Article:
One of a Kind

Piotr Butowski examines the current status of the MiG-31 Foxhound, an interceptor designed during the Cold War that recently returned to the news as the launch platform for one of Russia’s new ‘super-weapons’ – the Kinzhal hypersonic missile.

Foxhound on duty

MiG-31DZ ‘Blue 09’ (RF-95204) lights the afterburners on its twin Aviadvigatel/Perm D-30F-6 (izdelye 48) turbofans as it departs Bolshoye Savino (Perm). Aircraft of the resident 764th Fighter Aviation Regiment wear blue ‘Bort’ numbers
The Cold War-era front cockpit of an unmodernised MiG-31. The two crew are seated on Zvezda K-36DM ‘zero-zero’ ejection seats and controls are fitted in both cockpits alongside the conventional instrumentation
A pair of ‘Foxhounds’ approaches an Il-78 tanker to take on fuel during a long-range interception training mission last October. The nearest aircraft, ‘26 Blue’ (RF-92466), is a standard MiG-31DZ, while ‘37 Red’ (RF-90901), named ‘Stepan Karnach’, has been upgraded to MiG-31BM standard. All photos Kirill Mushak unless stated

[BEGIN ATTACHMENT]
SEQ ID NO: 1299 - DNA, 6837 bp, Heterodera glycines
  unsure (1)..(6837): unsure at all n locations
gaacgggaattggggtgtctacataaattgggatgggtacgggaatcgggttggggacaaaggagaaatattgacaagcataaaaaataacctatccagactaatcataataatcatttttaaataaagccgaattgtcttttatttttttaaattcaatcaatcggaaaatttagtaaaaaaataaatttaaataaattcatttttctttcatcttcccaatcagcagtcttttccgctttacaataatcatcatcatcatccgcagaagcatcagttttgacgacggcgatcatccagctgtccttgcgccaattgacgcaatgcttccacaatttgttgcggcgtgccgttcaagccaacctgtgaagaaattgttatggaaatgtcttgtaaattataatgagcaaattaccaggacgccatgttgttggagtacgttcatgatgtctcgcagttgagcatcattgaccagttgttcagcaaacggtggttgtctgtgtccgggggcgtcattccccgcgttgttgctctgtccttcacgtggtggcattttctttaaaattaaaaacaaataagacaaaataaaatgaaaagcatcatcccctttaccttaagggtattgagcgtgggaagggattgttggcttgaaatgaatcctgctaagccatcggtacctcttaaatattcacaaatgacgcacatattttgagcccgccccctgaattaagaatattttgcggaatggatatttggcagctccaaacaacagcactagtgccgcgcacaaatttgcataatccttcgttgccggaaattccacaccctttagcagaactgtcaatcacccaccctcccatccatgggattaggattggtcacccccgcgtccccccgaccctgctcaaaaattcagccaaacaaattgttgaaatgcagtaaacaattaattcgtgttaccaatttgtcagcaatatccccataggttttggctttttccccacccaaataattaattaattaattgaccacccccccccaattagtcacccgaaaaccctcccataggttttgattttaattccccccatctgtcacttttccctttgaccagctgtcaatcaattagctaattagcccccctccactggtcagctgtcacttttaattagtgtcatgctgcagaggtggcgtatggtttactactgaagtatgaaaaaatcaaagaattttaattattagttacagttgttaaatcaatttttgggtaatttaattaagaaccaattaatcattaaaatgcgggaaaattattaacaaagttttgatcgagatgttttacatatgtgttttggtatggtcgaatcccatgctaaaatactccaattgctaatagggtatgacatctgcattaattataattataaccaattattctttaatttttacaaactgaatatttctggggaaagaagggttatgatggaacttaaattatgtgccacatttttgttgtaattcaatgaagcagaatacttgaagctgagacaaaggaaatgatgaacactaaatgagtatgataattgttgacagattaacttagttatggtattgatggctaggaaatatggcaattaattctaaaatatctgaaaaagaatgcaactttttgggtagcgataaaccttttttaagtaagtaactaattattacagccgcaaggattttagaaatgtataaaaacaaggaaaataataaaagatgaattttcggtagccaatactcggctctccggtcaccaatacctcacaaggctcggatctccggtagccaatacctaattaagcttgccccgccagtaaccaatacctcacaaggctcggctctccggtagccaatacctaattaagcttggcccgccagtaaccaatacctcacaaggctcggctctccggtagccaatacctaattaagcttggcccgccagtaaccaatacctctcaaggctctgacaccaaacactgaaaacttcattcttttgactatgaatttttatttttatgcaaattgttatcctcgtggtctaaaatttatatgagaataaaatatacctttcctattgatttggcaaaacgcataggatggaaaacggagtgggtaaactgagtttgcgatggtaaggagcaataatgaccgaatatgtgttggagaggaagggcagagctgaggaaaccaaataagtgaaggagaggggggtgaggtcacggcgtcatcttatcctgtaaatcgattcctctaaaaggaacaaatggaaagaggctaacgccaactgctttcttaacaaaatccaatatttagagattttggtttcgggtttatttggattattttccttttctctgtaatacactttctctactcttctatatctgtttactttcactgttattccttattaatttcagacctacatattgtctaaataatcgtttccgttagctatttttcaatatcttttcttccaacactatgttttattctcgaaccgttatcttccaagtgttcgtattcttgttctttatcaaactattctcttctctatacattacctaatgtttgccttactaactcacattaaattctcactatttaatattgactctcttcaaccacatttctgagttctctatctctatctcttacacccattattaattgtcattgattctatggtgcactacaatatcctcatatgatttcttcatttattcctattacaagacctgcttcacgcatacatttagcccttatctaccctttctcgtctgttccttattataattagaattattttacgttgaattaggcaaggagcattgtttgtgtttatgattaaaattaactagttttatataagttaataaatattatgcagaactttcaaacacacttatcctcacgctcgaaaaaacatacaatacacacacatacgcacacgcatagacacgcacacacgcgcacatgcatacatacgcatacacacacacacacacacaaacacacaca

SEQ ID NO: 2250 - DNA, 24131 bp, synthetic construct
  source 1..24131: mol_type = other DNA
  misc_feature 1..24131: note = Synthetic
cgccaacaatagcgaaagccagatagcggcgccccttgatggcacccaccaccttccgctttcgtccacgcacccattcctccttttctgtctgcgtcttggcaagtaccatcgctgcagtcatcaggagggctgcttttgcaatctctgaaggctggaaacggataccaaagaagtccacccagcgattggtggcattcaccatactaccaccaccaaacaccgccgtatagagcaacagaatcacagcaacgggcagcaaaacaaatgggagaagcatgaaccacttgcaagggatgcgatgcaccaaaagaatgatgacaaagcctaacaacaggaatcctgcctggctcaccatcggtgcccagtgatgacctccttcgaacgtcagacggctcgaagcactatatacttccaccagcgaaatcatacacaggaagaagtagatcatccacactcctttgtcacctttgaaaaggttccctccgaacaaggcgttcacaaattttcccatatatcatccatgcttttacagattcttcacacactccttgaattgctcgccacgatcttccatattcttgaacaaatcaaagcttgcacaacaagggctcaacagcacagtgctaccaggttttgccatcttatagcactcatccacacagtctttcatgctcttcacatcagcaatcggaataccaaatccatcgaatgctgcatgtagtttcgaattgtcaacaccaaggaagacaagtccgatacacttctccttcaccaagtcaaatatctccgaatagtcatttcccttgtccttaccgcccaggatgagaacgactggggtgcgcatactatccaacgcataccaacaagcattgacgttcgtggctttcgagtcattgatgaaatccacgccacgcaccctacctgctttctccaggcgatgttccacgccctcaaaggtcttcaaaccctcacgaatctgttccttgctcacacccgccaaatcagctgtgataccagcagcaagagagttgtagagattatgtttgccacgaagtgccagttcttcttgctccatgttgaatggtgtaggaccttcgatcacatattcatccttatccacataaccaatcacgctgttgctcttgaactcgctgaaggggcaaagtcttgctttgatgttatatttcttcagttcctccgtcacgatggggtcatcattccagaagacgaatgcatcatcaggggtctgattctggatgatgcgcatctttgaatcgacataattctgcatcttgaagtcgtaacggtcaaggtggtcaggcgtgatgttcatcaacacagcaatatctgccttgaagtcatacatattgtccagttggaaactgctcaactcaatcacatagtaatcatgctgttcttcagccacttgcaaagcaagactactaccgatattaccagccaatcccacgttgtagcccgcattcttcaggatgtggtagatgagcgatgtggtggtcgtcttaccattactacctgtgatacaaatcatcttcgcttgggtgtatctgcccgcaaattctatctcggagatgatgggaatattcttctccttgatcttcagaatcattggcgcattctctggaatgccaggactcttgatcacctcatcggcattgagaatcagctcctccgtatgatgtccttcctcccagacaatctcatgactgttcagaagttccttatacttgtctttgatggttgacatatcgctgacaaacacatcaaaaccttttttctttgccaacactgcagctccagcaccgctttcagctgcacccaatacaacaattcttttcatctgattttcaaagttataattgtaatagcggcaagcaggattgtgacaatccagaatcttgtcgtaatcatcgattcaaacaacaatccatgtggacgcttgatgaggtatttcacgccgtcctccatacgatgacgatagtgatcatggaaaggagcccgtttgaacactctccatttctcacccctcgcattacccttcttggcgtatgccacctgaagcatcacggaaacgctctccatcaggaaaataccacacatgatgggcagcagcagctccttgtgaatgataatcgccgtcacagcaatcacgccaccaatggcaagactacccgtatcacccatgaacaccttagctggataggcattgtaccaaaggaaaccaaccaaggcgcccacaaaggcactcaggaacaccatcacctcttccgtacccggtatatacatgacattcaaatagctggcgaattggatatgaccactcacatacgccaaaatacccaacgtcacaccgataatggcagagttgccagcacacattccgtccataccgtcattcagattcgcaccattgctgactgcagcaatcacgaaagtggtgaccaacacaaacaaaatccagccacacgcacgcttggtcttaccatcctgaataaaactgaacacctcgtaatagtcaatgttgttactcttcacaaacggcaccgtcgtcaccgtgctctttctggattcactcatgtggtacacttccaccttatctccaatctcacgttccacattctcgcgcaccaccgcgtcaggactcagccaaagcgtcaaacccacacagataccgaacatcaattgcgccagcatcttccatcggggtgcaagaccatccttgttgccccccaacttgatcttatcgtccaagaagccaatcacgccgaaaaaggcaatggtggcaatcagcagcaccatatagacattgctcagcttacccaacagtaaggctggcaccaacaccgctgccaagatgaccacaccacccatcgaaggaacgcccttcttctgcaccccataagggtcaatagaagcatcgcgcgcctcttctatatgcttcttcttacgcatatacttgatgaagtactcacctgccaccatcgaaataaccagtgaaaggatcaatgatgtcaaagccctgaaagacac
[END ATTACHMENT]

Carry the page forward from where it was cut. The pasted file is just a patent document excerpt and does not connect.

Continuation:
The MiG-31 Foxhound-A heavy interceptor is an aircraft of superlatives, with its maximum speed of Mach 2.8 (or a cruise speed of Mach 2.35), and 702nm supersonic or 1,620nm subsonic range. It’s unique by virtue of its battery of 108nm-range heavy air-to-air missiles (AAMs) and its ability to operate autonomously with or without the support of a ground-controlled intercept (GCI) system.

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